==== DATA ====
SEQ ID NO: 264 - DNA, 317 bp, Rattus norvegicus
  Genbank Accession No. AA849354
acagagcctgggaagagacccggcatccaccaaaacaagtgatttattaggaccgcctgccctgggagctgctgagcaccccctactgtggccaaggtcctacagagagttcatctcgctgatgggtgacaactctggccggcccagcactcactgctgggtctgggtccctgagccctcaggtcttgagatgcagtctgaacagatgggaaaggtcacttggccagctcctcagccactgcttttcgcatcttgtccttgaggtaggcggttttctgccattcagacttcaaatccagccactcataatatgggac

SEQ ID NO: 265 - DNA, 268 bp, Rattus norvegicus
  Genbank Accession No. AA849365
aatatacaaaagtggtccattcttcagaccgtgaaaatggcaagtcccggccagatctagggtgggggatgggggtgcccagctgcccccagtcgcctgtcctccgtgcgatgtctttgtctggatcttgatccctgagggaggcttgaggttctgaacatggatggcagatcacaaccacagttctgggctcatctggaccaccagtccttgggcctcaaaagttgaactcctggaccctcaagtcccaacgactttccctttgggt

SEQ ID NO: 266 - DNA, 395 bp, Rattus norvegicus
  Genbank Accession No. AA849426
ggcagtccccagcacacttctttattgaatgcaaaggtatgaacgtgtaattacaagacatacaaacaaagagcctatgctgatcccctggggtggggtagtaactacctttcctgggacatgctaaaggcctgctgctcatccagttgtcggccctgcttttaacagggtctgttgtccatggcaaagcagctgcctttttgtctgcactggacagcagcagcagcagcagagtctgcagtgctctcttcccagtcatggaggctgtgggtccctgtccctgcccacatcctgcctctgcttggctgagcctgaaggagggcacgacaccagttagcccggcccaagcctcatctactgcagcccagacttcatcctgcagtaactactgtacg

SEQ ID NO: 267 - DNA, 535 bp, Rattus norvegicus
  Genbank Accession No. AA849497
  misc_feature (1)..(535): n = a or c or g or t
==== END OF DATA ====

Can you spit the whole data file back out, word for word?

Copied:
SEQ ID NO: 264 - DNA, 317 bp, Rattus norvegicus
  Genbank Accession No. AA849354
acagagcctgggaagagacccggcatccaccaaaacaagtgatttattaggaccgcctgccctgggagctgctgagcaccccctactgtggccaaggtcctacagagagttcatctcgctgatgggtgacaactctggccggcccagcactcactgctgggtctgggtccctgagccctcaggtcttgagatgcagtctgaacagatgggaaaggtcacttggccagctcctcagccactgcttttcgcatcttgtccttgaggtaggcggttttctgccattcagacttcaaatccagccactcataatatgggac

SEQ ID NO: 265 - DNA, 268 bp, Rattus norvegicus
  Genbank Accession No. AA849365
aatatacaaaagtggtccattcttcagaccgtgaaaatggcaagtcccggccagatctagggtgggggatgggggtgcccagctgcccccagtcgcctgtcctccgtgcgatgtctttgtctggatcttgatccctgagggaggcttgaggttctgaacatggatggcagatcacaaccacagttctgggctcatctggaccaccagtccttgggcctcaaaagttgaactcctggaccctcaagtcccaacgactttccctttgggt

SEQ ID NO: 266 - DNA, 395 bp, Rattus norvegicus
  Genbank Accession No. AA849426
ggcagtccccagcacacttctttattgaatgcaaaggtatgaacgtgtaattacaagacatacaaacaaagagcctatgctgatcccctggggtggggtagtaactacctttcctgggacatgctaaaggcctgctgctcatccagttgtcggccctgcttttaacagggtctgttgtccatggcaaagcagctgcctttttgtctgcactggacagcagcagcagcagcagagtctgcagtgctctcttcccagtcatggaggctgtgggtccctgtccctgcccacatcctgcctctgcttggctgagcctgaaggagggcacgacaccagttagcccggcccaagcctcatctactgcagcccagacttcatcctgcagtaactactgtacg

SEQ ID NO: 267 - DNA, 535 bp, Rattus norvegicus
  Genbank Accession No. AA849497
  misc_feature (1)..(535): n = a or c or g or t